Jacqueline Landaverde, age 17, hopes to study political science and law in college. Kevin Palma, also 17, wants to become a doctor.
The two young people are in their final year of high school. They were born in the United States, so they are U.S. citizens. But their parents are not. They moved here from El Salvador under the Temporary Protected Status Program, or TPS. They could live and work legally in the United States for a short period of time while their homeland was dealing with natural disasters or political problems.
The TPS Program did not offer immigrants a way to become U.S. citizens or live permanently in the country. In September 2017, the Department of Homeland Security (DHS) said it would end the program for six of 10 protected countries. More than 400,000 immigrants from El Salvador, Haiti, Honduras, Nepal, Nicaragua and Sudan would lose their legal guarantees.
In October 2018, a judge stopped the Trump administration from ending the TPS status for immigrants from Haiti, Nicaragua, El Salvador and Sudan. The Department of Homeland Security announced on March 1 that the TPS will continue for these four countries until January 2, 2020. A separate court case stopped orders to expel about 57,000 Honduran and 9,000 Nepali TPS holders.
Both Landaverde and Palma think their lives will change a great deal if their parents are forced to return to El Salvador. It would probably end their dreams of going to college.
Palma spoke to VOA: “When it struck me was about two years ago, in 2017, when I was actually told the consequences that would happen. Basically, family separation ... I would have to stay here. I’d have to get a full-time job to take care of my siblings.”
Landaverde’s situation is the same. As the oldest child in her family, she, too, would have to get a job and take care of her three brothers and sisters. She is shocked that this situation may come about.
“Growing up I never knew. I just knew protection and my parents were legal in this country. ... We heard these rumors ‘TPS is going to be canceled.’”
Landaverde said she spoke with her parents. They gave a “brief explanation” and said, “It has kept us here in this country.”
But she really understood the problem when she did her own research. She found the Massachusetts Temporary Protected Status Committee. The group organizes demonstrations and meetings, and sends information to TPS holders.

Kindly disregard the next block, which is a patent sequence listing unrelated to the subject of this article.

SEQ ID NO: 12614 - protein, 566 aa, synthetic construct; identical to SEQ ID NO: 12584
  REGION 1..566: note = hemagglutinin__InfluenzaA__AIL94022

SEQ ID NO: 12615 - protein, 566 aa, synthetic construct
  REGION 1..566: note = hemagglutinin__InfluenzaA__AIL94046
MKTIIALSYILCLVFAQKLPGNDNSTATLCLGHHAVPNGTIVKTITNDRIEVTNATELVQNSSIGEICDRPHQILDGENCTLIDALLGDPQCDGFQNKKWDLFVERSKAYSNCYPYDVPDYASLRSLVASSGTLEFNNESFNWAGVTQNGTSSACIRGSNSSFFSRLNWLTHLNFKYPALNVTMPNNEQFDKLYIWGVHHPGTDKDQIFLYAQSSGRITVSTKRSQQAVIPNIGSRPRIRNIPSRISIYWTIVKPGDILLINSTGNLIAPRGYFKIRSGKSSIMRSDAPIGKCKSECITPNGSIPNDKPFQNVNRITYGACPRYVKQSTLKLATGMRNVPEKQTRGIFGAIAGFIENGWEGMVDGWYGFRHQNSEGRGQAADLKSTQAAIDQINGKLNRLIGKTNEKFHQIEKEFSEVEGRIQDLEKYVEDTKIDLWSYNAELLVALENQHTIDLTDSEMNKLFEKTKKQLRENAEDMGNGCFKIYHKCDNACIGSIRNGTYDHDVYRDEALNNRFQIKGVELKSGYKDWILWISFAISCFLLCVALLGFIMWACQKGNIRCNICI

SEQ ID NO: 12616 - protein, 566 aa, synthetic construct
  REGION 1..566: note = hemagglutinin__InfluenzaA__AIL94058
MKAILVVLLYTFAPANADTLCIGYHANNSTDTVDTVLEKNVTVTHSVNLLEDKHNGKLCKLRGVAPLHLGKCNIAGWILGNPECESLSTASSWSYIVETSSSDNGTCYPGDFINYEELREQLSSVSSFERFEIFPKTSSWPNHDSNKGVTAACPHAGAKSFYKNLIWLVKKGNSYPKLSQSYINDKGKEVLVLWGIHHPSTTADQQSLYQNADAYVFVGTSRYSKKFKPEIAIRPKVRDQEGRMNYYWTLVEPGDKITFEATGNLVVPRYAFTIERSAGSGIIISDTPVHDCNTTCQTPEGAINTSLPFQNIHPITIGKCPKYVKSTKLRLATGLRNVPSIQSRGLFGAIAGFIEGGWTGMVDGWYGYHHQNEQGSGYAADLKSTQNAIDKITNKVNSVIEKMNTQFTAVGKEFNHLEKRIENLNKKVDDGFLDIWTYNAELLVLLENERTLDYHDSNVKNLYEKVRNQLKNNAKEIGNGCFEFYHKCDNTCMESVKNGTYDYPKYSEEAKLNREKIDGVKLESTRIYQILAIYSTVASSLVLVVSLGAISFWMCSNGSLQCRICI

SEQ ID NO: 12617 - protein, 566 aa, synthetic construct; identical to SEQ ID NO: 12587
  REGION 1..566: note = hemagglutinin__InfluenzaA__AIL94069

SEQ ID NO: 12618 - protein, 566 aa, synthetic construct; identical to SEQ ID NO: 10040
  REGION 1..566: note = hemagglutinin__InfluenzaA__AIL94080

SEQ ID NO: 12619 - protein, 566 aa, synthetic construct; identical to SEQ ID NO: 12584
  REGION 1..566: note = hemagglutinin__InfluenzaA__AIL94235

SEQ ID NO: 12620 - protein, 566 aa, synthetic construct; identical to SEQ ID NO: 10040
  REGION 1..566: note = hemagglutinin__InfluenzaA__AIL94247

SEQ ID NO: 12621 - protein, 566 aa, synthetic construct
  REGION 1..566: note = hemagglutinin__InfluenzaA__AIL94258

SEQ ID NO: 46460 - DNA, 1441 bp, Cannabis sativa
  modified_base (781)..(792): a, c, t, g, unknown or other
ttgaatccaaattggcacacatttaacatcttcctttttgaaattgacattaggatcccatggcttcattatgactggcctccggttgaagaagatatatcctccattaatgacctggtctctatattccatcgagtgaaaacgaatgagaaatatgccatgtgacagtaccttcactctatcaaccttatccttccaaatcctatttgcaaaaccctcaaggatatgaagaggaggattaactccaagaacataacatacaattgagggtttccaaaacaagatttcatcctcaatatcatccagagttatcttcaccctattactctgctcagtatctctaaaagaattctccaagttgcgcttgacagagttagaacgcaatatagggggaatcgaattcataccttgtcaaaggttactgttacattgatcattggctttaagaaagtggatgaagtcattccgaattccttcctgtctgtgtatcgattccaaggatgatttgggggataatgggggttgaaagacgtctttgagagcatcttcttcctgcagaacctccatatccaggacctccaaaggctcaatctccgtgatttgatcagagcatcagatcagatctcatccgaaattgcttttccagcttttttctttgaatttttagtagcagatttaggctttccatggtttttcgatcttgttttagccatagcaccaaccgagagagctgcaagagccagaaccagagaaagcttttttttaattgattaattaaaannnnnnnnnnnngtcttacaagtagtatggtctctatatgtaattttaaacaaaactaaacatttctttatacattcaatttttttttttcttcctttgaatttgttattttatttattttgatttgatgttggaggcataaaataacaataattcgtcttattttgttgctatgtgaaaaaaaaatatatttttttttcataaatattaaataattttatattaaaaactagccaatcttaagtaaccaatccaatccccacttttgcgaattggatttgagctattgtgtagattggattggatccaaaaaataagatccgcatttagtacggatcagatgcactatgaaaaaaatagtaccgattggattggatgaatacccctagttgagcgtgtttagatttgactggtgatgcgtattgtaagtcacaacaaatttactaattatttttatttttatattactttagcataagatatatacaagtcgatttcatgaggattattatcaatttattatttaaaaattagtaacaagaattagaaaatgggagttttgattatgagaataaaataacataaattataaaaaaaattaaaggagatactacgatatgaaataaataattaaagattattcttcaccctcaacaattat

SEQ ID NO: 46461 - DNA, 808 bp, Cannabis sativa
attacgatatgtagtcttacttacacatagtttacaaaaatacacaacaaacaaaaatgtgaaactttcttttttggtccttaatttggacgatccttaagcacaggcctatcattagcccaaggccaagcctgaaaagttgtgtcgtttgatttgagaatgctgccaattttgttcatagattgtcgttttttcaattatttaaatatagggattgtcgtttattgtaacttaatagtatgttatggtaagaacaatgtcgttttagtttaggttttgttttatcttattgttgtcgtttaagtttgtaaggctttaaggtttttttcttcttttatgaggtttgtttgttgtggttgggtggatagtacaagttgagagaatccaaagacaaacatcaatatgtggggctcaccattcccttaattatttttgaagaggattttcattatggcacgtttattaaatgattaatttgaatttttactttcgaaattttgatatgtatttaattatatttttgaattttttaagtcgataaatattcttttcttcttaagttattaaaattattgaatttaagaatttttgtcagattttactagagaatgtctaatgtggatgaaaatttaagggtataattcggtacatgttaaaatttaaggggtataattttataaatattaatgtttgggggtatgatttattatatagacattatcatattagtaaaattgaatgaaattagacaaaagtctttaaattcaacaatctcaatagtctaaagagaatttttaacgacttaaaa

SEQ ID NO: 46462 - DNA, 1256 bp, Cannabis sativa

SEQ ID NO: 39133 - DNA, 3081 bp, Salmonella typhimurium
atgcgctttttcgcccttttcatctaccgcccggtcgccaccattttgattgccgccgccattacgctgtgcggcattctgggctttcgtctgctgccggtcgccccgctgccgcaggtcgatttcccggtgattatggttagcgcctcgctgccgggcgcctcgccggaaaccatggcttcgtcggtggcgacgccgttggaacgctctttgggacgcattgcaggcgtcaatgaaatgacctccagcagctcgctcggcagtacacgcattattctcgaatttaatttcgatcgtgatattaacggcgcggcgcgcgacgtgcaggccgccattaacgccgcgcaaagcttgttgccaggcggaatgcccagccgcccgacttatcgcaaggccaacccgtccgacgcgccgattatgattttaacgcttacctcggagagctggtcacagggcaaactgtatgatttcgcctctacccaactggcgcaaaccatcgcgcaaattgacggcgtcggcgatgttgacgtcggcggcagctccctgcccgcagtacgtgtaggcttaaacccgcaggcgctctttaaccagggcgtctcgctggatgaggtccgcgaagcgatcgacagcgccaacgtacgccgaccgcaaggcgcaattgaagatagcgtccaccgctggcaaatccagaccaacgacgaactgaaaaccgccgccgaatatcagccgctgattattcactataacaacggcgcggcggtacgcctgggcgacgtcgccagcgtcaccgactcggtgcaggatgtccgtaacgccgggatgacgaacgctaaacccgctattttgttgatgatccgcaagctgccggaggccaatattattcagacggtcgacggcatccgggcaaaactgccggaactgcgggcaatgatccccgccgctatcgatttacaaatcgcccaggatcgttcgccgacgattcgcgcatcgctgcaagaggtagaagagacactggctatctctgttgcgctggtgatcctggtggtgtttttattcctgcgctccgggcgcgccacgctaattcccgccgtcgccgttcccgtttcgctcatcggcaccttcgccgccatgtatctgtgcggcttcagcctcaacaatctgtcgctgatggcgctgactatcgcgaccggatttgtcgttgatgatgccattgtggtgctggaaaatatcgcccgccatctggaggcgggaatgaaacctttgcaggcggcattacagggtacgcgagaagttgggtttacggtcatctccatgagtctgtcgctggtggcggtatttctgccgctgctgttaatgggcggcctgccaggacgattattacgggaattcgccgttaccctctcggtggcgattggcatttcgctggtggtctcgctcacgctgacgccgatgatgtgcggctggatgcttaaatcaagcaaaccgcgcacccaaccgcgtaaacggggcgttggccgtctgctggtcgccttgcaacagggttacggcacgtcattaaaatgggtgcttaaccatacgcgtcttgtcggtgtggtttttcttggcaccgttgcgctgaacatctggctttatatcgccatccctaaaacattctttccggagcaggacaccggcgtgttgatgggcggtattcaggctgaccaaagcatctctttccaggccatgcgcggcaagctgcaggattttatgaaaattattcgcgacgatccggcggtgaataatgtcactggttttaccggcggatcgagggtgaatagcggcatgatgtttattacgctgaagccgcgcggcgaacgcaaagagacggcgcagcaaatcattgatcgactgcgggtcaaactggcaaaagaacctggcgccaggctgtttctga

A play with real stories
VOA met with both high school students and their friends in Bethesda, Maryland, at the Imagination Stage Theatre. There they and 11 other children performed “The Last Dream” -- a project from the Boston Experimental Theatre. In the show, children of TPS recipients tell their real-life stories.
"Jackie, they hate us. They don't want us here anymore. Do you not understand that? Next year, none of us are going to be here to celebrate with Sofia, none of us."
Beth Brooks-Mwano watched the play. She felt thankful that the children shared their stories and said that she left with a new understanding.
Will you help me?
The play was part of a three-day series of events. Thousands of TPS holders came to Washington, DC to talk with U.S. lawmakers and ask for a way they could become permanent residents. Democratic Party activists like the idea of helping TPS holders stay. Most Republicans are against the idea. There are seven cases in court related to the Trump administration stopping the TPS Program.
Performances of “The Last Dream” are continuing across the country. Palma and Landaverde should learn about their requests to attend college in a month or two.
I’m Jill Robbins.
Aline Barros reported on this story for VOA News. The video was produced by June Soh. Dr. Jill Robbins adapted this story for Learning English. George Grow was the editor.
Words in This Story
status – n. standing; the official position of someone or something
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